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Nordic banks aim for cross-border growth

In global terms, the Nordic region does not register highly in private banking. In fact, industry consultants estimate the size of the whole Nordic private banking market is still smaller than that of Spain. This has discouraged international banks from establishing businesses there, and has left the Nordic banks and their private banking arms to fight it out for the small customer base. But it's a growth market. The number of affluent Nordic individuals is estimated to be set to increase by some 5% by 2007. Banks are trying to develop a pan-Nordic presence to attract as many of these clients as possible. In addition, the Nordic private banks are realizing the importance of pushing out to the rest of Europe and Asia to serve ex-pats and even compete for non-Nordic clients. Euromoney asks the heads of the private banking businesses of SEB and Nordea how they are managing for growth.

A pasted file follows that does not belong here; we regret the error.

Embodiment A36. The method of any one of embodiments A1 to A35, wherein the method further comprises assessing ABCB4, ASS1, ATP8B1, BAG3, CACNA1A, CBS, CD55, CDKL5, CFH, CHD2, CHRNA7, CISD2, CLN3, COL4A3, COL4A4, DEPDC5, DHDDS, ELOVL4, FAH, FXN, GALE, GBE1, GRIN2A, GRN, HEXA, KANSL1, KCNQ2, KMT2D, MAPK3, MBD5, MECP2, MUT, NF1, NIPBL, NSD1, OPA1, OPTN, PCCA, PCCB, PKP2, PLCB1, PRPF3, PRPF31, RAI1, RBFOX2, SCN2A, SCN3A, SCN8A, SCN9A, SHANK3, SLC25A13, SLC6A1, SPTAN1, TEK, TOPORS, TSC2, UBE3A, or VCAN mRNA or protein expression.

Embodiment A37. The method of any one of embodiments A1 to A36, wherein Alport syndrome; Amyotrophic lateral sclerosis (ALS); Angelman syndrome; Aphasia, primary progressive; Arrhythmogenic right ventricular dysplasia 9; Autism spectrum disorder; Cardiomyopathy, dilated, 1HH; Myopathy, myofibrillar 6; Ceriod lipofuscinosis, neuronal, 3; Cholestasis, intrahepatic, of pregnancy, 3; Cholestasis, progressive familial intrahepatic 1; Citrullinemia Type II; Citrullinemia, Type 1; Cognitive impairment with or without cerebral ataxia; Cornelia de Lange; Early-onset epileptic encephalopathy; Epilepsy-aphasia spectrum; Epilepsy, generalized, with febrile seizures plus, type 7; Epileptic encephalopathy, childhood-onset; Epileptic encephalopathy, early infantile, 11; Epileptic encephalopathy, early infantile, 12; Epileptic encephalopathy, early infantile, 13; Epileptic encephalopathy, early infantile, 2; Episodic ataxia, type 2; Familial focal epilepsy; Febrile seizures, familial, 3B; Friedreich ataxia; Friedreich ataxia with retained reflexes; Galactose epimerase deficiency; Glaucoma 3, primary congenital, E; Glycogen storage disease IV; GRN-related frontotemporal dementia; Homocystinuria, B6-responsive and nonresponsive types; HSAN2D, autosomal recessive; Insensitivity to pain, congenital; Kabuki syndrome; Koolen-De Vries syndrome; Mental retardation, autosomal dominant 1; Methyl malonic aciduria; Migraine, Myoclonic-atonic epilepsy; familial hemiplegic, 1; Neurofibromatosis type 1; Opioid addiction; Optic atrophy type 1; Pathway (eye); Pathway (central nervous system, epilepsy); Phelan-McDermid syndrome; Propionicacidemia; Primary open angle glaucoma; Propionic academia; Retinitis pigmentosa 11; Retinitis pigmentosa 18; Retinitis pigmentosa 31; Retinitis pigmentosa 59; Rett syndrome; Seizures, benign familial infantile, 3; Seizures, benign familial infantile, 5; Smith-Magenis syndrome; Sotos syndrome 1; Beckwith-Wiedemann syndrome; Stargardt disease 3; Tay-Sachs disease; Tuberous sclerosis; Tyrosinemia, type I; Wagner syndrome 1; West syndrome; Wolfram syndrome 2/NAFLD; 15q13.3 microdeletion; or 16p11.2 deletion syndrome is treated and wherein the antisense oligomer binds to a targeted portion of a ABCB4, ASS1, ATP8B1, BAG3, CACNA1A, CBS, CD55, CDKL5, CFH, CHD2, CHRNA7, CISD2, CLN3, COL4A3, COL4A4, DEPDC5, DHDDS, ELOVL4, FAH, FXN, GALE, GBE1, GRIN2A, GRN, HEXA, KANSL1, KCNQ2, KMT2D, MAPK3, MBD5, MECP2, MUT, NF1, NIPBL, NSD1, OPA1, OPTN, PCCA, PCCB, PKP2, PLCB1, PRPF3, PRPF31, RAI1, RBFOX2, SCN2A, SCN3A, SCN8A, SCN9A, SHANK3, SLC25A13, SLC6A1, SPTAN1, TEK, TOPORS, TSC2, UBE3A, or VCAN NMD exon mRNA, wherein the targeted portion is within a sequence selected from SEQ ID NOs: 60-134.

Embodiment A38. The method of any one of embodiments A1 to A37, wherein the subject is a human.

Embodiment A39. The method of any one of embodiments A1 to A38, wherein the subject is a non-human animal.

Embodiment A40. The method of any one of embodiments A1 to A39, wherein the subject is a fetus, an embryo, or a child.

Q&A with Eira Palin-Lehtinen, Nordea's Nordic head of savings and wealth management, and Flemming Sorenson, head of Nordea Luxembourg, the group's international private banking business. How did 2004 fare in terms of new business?

Palin-Lehtinen: 2004 was in general a very good year for our private banking organization. Assets under management in private banking increased by 16 % in 2004 and were €35.2 billion at the end of the year of which €7.4 billion is in the European Private Banking operations. Nordic Private Banking attracted net inflows of €2.6 billion during 2004.

How are you expanding the bank's reach across the Nordic region?

P-L: For the moment we have 66 units across the region, and we do plan to open some more. But for us growth isn't just about opening new units. Rather it is a question of developing the businesses in each country. For historical reasons, our Danish and Finnish operations are our largest. They both have around €12 billion in private client assets under management.

The Swedish operation was set up five years ago, and that has around €4.5

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